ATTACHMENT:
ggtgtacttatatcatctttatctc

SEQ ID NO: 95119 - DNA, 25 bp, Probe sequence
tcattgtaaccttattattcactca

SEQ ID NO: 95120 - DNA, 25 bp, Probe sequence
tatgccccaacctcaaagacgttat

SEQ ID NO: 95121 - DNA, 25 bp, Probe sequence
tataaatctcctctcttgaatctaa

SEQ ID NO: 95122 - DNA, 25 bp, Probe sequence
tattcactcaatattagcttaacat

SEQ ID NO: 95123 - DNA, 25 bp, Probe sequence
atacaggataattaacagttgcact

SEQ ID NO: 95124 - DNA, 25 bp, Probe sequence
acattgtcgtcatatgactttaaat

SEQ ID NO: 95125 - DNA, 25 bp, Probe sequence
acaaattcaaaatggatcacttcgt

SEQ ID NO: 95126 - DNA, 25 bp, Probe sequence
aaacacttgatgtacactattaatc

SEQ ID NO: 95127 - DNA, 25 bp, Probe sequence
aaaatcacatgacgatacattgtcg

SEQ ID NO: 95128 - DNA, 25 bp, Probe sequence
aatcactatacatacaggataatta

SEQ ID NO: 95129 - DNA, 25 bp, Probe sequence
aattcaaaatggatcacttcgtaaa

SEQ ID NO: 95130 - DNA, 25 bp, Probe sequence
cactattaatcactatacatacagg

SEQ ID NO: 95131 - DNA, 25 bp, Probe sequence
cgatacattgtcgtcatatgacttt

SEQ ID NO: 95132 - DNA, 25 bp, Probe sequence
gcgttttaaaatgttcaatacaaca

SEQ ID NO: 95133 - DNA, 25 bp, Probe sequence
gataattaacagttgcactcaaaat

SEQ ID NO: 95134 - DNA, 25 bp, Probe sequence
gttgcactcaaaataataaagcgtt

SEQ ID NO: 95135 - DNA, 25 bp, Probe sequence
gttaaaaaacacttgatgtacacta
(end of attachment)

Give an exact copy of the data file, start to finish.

ggtgtacttatatcatctttatctc

SEQ ID NO: 95119 - DNA, 25 bp, Probe sequence
tcattgtaaccttattattcactca

SEQ ID NO: 95120 - DNA, 25 bp, Probe sequence
tatgccccaacctcaaagacgttat

SEQ ID NO: 95121 - DNA, 25 bp, Probe sequence
tataaatctcctctcttgaatctaa

SEQ ID NO: 95122 - DNA, 25 bp, Probe sequence
tattcactcaatattagcttaacat

SEQ ID NO: 95123 - DNA, 25 bp, Probe sequence
atacaggataattaacagttgcact

SEQ ID NO: 95124 - DNA, 25 bp, Probe sequence
acattgtcgtcatatgactttaaat

SEQ ID NO: 95125 - DNA, 25 bp, Probe sequence
acaaattcaaaatggatcacttcgt

SEQ ID NO: 95126 - DNA, 25 bp, Probe sequence
aaacacttgatgtacactattaatc

SEQ ID NO: 95127 - DNA, 25 bp, Probe sequence
aaaatcacatgacgatacattgtcg

SEQ ID NO: 95128 - DNA, 25 bp, Probe sequence
aatcactatacatacaggataatta

SEQ ID NO: 95129 - DNA, 25 bp, Probe sequence
aattcaaaatggatcacttcgtaaa

SEQ ID NO: 95130 - DNA, 25 bp, Probe sequence
cactattaatcactatacatacagg

SEQ ID NO: 95131 - DNA, 25 bp, Probe sequence
cgatacattgtcgtcatatgacttt

SEQ ID NO: 95132 - DNA, 25 bp, Probe sequence
gcgttttaaaatgttcaatacaaca

SEQ ID NO: 95133 - DNA, 25 bp, Probe sequence
gataattaacagttgcactcaaaat

SEQ ID NO: 95134 - DNA, 25 bp, Probe sequence
gttgcactcaaaataataaagcgtt

SEQ ID NO: 95135 - DNA, 25 bp, Probe sequence
gttaaaaaacacttgatgtacacta